Hyderabad: Due to surge in COVID 19 cases in the country, the demand for Remdesivir has increased manifold.
The drug is reported to be out of stock at several hospitals and is being sold at highly inflated prices in the black market.
On April 26, Rachakonda police arrested six people including the co-owners of Life Care Hospital for selling expired Remdesivir injection to gullible people at LB Nagar. Police have recovered Rs 5.52 lakh cash, which is suspected to have been earned from the sale of expired Remdesivir injection.
Police said on April 21, Md Aswaq Ahmed, In-charge of Radiology department at Image Hospital reported that his friend Abed's uncle Md Mazar, 62 was infected with COVID-19 and undergoing treatment at Ayush Hospital in Dilsukhnagar.
He was in need of Remdesivir Injection, which was not available in the hospital. Immediately, he arranged six Remdesivir injections at Rs. 16,200, each containing 100 mg Deserem manufactured by Mylan.
After receiving the vials, Abed examined them and found a sticker affixed. On the sticker, the manufacturing date was mentioned as 24.09.2020 and expiry date 23.08.2021 and the MRP was Rs.4800. When he removed the sticker, he noticed the actual label on the vial. The actual manufacturing date was 24.09.2020 and the expiry date 23.03.2021 and MRP Rs. 4800.
Rachakonda police have warned the public about the expired and fake Remdesivir injection being sold on the black market.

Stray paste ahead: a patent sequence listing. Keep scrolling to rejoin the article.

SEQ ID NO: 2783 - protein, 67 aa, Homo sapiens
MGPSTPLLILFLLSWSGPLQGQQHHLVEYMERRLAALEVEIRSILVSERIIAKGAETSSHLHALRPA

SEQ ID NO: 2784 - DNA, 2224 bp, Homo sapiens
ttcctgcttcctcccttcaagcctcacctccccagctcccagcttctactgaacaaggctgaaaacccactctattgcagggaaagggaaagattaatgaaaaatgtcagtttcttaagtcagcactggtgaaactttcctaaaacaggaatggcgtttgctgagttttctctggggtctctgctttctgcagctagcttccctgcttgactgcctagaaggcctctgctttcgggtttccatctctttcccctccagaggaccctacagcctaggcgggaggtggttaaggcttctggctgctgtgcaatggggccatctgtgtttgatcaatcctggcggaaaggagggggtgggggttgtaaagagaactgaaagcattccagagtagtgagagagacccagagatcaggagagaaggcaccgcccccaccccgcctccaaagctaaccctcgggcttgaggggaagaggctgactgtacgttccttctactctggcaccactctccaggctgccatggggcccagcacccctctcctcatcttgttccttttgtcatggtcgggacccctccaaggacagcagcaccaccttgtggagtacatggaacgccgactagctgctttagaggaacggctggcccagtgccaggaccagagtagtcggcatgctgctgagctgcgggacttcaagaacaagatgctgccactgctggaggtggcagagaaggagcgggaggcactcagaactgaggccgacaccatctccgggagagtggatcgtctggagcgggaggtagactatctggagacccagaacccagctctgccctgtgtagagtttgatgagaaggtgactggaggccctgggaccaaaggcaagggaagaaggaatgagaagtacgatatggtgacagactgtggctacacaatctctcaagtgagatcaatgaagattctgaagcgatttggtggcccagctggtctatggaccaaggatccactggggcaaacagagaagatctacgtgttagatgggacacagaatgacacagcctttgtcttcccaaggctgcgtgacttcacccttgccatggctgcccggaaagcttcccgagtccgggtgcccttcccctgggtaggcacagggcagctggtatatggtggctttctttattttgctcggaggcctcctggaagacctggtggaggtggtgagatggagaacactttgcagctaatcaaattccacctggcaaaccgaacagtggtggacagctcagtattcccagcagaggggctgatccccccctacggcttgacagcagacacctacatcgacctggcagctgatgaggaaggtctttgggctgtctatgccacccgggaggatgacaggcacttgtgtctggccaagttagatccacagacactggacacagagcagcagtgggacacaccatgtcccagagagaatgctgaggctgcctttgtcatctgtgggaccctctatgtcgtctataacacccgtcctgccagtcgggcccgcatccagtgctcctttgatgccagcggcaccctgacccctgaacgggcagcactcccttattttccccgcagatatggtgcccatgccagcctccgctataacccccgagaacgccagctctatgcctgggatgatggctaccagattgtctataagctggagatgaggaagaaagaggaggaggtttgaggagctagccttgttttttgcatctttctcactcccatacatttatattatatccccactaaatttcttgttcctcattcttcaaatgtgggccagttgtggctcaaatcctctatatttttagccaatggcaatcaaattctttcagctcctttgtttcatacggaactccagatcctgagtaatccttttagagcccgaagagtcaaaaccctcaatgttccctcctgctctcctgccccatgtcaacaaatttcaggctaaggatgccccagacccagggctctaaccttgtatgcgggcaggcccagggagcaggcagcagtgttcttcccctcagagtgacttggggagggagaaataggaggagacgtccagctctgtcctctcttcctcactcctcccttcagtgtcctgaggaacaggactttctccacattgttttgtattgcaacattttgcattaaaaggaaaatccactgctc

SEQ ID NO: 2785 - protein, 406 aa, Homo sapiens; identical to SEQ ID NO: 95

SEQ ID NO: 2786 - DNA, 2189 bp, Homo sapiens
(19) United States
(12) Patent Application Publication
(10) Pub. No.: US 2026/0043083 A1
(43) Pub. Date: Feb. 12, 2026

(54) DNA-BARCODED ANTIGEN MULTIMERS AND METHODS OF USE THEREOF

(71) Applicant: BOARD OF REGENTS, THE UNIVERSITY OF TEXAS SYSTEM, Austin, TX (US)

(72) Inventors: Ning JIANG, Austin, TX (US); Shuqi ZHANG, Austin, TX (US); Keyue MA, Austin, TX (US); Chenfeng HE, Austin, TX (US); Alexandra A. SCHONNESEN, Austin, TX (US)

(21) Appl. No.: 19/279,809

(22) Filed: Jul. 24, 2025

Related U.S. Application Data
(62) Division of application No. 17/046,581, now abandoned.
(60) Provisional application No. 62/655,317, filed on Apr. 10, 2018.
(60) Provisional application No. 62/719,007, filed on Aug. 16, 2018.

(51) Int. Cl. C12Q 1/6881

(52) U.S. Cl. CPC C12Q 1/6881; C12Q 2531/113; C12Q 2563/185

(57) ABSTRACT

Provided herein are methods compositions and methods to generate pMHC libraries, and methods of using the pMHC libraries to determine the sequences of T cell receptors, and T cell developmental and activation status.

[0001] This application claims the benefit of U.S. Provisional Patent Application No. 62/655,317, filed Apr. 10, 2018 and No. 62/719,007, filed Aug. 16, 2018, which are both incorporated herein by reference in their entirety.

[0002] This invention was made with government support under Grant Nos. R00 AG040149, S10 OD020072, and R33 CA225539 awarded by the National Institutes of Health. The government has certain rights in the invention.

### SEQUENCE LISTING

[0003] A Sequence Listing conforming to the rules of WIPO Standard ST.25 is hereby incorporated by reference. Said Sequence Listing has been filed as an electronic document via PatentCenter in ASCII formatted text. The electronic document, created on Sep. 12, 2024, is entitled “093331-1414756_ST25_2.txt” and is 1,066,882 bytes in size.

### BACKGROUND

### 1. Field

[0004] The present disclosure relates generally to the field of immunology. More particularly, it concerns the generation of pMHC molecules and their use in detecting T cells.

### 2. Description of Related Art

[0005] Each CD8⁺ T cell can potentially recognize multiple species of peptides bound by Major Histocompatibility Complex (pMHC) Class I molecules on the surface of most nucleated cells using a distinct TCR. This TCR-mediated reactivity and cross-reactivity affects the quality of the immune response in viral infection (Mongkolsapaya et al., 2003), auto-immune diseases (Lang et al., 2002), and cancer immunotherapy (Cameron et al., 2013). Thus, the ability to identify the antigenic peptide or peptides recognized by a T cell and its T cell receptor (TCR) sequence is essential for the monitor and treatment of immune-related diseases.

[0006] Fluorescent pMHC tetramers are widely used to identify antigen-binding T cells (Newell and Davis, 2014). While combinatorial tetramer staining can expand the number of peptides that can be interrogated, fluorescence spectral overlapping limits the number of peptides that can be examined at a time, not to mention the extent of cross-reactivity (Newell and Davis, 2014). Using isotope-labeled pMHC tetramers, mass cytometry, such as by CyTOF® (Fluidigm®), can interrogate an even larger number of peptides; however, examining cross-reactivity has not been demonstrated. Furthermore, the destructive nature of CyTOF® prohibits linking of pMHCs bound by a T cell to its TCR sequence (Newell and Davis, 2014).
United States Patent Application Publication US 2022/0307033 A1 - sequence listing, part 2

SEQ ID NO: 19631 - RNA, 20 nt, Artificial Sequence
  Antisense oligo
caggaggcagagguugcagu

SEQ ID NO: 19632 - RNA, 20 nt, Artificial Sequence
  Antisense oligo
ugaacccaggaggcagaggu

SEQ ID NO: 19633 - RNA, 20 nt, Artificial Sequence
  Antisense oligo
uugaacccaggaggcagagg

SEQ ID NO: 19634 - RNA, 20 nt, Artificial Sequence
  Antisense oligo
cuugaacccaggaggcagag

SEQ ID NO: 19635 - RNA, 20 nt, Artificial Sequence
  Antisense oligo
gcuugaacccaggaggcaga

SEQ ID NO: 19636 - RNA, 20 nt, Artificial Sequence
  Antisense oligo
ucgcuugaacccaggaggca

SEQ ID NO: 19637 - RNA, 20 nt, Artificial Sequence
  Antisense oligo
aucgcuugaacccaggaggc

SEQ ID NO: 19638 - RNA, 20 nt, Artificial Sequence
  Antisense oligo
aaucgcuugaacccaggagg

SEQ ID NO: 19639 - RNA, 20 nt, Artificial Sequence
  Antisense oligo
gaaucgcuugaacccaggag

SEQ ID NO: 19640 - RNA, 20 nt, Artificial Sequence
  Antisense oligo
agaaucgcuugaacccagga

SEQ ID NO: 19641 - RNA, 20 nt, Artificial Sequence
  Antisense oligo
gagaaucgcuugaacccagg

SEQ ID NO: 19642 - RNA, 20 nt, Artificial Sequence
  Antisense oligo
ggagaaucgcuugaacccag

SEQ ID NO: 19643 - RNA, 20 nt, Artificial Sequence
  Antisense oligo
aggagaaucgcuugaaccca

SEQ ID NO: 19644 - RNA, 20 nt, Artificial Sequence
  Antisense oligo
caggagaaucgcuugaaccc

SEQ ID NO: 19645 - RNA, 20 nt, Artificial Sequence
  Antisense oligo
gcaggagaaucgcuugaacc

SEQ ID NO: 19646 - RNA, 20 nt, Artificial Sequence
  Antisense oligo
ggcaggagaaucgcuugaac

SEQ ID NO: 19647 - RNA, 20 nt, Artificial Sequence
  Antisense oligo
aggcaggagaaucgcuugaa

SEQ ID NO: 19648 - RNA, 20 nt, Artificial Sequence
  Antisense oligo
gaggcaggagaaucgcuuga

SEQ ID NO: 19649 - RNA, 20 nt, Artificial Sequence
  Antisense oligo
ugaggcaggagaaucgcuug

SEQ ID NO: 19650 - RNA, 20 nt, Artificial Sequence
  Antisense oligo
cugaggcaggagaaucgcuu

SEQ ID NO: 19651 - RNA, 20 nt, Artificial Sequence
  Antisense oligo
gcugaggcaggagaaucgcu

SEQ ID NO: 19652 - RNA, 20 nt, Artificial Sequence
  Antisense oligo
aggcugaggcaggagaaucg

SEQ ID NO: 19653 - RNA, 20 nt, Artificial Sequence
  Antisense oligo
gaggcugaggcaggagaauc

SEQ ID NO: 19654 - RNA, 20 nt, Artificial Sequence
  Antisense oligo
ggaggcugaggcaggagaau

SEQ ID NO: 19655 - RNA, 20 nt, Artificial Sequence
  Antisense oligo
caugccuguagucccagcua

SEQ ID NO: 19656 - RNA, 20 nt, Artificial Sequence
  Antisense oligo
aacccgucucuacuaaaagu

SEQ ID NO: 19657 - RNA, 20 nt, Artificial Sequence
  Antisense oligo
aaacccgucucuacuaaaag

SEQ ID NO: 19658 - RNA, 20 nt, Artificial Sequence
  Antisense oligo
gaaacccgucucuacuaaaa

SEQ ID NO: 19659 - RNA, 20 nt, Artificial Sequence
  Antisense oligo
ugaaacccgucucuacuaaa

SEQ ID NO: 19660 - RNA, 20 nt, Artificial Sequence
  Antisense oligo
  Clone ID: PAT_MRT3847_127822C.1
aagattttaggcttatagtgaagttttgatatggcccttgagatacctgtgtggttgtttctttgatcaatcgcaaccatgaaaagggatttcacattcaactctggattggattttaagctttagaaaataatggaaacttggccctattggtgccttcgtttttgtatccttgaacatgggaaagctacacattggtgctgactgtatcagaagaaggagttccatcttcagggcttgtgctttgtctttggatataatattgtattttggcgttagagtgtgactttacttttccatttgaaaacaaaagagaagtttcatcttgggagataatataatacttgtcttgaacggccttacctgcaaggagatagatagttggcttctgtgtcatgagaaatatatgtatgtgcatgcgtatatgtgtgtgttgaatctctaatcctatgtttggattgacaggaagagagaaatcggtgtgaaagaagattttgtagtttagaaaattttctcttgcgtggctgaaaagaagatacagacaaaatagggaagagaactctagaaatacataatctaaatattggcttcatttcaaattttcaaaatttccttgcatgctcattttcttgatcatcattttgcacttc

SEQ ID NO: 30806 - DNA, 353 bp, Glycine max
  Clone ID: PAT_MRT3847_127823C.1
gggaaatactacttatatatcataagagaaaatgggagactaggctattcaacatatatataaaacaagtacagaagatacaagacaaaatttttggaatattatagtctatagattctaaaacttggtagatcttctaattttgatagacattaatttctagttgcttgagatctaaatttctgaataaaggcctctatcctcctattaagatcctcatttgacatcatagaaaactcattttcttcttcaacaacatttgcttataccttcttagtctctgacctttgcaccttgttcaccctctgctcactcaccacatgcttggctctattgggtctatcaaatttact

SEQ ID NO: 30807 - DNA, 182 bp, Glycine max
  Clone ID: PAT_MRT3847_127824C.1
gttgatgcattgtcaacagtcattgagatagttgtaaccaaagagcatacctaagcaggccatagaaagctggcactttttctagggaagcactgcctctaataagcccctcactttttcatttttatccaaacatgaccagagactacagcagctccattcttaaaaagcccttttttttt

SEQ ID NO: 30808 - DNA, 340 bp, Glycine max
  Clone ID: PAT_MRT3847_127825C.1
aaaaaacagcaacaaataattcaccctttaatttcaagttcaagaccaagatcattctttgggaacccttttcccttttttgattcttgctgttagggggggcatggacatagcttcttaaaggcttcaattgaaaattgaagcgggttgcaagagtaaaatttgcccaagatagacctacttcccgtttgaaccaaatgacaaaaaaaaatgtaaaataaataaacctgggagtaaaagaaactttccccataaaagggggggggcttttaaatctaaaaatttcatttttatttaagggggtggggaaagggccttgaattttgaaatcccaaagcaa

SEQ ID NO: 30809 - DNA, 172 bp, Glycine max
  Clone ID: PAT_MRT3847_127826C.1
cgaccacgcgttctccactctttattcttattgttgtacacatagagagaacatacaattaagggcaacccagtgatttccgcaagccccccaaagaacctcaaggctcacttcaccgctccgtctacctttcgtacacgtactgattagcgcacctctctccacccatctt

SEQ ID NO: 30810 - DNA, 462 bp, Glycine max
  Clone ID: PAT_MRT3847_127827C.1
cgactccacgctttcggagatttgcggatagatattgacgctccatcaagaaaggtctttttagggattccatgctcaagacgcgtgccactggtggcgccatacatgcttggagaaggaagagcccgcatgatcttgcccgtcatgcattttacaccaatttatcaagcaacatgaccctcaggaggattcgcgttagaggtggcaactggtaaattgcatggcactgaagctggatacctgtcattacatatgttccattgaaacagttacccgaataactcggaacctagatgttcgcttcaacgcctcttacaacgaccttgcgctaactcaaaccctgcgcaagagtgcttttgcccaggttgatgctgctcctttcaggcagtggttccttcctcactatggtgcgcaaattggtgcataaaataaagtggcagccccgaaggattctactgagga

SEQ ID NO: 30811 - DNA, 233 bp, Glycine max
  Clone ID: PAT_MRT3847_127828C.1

How to spot expired Remdesivir injection
Look for any sticker or anything pasted on the injection. Check batch number, manufacturing date, and expiry dates. Match the original details.
Check the injection packet if a pen or sketch was used to write handwritten information. If yes check carefully if the expiry dates are manipulated.
How to spot fake Remdesivir injection
Fake Remdesivir packages do not have "Rx" written on it just before the name of the injection.
There is an alignment error in the brand name of the product. Note the gap on the package of fake and genuine Remdesivir injections. The fake vial has an increased gap.
A capitalization error in the third line written on the package. The genuine package reads as "100 mg/Vial" while the fake one has "100 mg/vial" written on it.
There is another capitalization error below the brand name in "Vial/vial" on the fake package.
One more capitalization error is found at the bottom of the front side of the fake Remdesivir package. "For use in" written on the genuine package becomes "for use in" on the fake drug package.
Just below the warning label, key information "Covifir [brand name] is manufactured under the licence from Gilead Sciences, Inc" is missing on the fake injection package.
On the back of the box, the "Warning" label is in red on the genuine package. The fake one has a black warning label.
There is a spelling error in the full address on the package containing the fake Remdesivir injection. It spells Telangana as "Telagana".
There is a capitalization error in the text identifying the drug-maker, Hetero Labs. The fake Remdesivir package reads India as "india".
These are simple checks to identify a fake Remdesivir injection from the genuine one.